Saturday, October 24, 2009

I Almost Start an International Incident

About a month ago A asked me if I could recommend an autobiography for her to read for school. I should have emailed one of my many librarian friends, but I felt like I needed to give her direction quickly because she was throwing out titles by popular celebrities. On a side note, I know this is also a common occurrence in the U.S. but it seems to be a requirement here. If you are on stage or screen you have a book deal. Every celebrity, no matter how minor, has published an autobiography. Even people who have been on reality television have books out! I haven’t looked into it but I suppose that none of them are written by the celebrity, so how they get classified as autobiographies I will never know. Anyway, to avoid her thinking that she could read one of those, I suggested Homer Hickam’s Rocket Boys. I haven’t read it myself but since he lives in Huntsville, I knew a lot about it. She was a bit annoyed with me because the book was longer than her friends’ selections.

So fast forward to my walking tour of East London where the tour guide spoke with contempt about Wernher von Braun and his V2 that destroyed a lot of East London. I was thinking to myself, having lived in Huntsville, Alabama where the von Braun Center is the biggest venue in town, obviously we have a different image of von Braun, who was instrumental in the U.S. rocket program.

A asked me to look over her notes. She had to deliver a speech on Rocket Boys. As I read her notes which described how Homer Hickam idolized von Braun I started getting nervous. If her teacher is clear on the facts of WWII, she may get angry at A’s speech. I told A that she needed to do some additional research and as I started to explain to her that von Braun had a controversial past, she started getting very nervous afraid she was going to get in trouble at school. We found some additional information, which actually was from a book my history professors at UAH had written, that explained von Braun’s past. At least now she was prepared. She hasn’t said anymore about it, so it must have gone well.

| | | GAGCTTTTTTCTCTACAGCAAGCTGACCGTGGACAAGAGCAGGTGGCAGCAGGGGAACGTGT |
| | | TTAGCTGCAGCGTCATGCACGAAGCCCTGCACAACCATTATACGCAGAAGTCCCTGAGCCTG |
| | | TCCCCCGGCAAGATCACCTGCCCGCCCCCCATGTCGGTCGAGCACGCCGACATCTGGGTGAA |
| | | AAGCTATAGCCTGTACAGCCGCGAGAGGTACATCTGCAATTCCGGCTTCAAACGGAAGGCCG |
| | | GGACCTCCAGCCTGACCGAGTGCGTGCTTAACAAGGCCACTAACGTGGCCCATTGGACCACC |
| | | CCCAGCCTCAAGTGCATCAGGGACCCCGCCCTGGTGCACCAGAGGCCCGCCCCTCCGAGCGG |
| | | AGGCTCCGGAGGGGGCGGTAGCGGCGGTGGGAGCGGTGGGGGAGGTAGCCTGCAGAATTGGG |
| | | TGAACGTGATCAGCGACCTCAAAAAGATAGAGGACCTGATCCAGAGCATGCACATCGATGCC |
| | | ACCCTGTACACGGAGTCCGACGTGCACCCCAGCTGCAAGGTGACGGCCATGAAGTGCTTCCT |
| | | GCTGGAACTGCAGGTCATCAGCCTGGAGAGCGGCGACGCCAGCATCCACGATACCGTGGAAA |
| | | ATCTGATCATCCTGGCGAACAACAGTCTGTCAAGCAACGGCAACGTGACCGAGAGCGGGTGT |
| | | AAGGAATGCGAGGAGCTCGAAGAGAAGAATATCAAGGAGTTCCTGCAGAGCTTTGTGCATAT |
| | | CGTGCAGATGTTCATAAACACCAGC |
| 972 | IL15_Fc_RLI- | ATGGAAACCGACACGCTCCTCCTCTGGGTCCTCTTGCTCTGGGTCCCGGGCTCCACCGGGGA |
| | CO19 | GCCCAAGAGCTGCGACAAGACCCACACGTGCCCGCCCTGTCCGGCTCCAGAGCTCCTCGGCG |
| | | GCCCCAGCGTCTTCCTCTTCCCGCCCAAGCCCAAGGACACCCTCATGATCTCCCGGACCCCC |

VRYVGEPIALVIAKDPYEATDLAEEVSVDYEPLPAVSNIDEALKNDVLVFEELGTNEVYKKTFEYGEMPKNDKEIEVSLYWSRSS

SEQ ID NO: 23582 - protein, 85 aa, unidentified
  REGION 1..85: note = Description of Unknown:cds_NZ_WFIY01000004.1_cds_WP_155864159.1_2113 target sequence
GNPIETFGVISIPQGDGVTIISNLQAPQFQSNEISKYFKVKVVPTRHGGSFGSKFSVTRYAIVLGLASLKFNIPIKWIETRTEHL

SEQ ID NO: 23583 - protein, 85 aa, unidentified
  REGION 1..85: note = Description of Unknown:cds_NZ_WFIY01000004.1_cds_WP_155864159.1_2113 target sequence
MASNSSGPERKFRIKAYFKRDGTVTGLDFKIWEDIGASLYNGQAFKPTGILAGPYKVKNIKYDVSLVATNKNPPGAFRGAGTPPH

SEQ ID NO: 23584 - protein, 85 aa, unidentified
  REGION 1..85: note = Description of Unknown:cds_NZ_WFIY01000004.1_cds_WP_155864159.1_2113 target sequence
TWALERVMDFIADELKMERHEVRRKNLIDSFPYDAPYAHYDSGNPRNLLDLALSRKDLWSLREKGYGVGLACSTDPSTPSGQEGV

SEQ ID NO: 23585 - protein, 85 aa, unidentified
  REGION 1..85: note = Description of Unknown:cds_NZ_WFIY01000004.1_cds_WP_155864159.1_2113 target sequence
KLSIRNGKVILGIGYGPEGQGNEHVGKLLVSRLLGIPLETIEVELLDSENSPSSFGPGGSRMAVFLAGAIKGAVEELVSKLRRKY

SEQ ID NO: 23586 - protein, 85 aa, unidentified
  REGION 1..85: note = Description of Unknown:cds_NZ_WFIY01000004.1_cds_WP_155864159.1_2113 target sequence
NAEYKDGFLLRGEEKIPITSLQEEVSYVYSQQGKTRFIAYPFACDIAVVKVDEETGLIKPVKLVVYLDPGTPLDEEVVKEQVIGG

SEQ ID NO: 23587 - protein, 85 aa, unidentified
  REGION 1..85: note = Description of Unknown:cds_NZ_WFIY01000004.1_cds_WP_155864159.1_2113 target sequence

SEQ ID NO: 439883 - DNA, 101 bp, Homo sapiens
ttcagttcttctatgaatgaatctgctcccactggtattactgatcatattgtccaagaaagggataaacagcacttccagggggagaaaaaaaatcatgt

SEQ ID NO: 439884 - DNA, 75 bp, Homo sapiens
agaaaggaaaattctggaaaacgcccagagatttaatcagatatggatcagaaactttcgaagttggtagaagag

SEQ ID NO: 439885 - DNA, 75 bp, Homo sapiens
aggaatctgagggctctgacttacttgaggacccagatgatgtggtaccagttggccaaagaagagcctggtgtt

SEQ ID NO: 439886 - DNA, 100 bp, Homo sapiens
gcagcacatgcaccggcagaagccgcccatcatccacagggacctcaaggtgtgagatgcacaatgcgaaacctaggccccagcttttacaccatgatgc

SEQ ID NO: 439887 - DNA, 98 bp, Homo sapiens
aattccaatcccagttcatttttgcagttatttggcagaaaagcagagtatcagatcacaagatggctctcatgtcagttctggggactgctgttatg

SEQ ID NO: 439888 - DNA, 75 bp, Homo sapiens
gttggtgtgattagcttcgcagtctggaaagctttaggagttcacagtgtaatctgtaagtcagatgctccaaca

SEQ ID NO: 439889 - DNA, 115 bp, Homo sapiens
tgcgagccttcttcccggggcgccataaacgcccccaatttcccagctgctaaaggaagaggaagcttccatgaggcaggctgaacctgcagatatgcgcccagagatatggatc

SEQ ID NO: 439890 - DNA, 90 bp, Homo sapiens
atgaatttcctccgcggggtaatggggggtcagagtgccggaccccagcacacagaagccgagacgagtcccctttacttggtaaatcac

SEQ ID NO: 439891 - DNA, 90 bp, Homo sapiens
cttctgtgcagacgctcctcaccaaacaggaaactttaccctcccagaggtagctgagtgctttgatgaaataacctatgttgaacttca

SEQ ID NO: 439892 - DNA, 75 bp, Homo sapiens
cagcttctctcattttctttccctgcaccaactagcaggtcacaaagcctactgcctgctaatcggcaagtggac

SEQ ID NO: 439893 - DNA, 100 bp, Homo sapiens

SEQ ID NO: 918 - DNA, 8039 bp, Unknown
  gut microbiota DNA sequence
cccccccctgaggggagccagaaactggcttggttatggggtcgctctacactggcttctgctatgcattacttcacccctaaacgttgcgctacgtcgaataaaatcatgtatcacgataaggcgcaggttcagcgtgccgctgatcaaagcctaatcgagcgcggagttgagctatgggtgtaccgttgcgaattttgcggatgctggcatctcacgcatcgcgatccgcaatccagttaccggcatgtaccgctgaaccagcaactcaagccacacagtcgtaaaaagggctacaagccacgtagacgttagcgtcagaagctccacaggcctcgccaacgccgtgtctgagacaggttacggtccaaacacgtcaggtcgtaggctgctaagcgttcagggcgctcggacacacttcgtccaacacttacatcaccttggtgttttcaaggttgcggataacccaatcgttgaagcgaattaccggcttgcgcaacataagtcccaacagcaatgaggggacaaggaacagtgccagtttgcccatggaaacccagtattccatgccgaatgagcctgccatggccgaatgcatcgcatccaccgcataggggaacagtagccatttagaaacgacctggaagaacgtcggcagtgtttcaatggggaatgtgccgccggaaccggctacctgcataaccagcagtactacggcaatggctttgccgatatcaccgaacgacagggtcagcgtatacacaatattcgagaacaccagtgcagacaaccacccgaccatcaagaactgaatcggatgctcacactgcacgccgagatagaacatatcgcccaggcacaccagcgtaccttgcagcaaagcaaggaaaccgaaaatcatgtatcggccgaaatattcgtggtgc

P.S. A had in her possession recently one of the books that a friend of hers selected as her autobiography.  It was Go Ask Alice by Anonymous.  I told A that it is rumoured that the book is not an actual diary but instead written as a message book about drug abuse.  I almost laughed since I remember reading that when I was about 13 and it scaring me.  It's still around scaring teenagers!


Beth said...

I remember someone in Huntsville telling me that the VBC was the biggest momument in the US named for a Nazi. It made me think. I loved Rocket Boys. I also loved (and was scared shitless by) Go Ask Alice. It was discredited as an actual diary, but it still is hitting the mark. I miss you!!!!

Alexandria said...

Rocket Boys has a long part in it where Sonny's dad challenges him on von Braun's Nazi past. This is resolved when Sonny asks a Jewish machinist about it and the man explains the tradition of redemption and that von Braun was in the process of redeeming himself with his good works. Wernher von Braun was not a Nazi when he did his good works for the USA. He was a man redeemed, one who embraced the history and values of the American culture to the credit of both. If a man cannot find redemption, then Christianity and all the great religions are in error.

J said...

In the end, no one in A's class seemed to know anything about the controversy, including the teacher. It might have been a different story if the assignment was for history class. The teacher commented that she might want to read the book but then found out that there was a film adaptation with Jake Gyllenhaal in it and I think she's opting for that instead.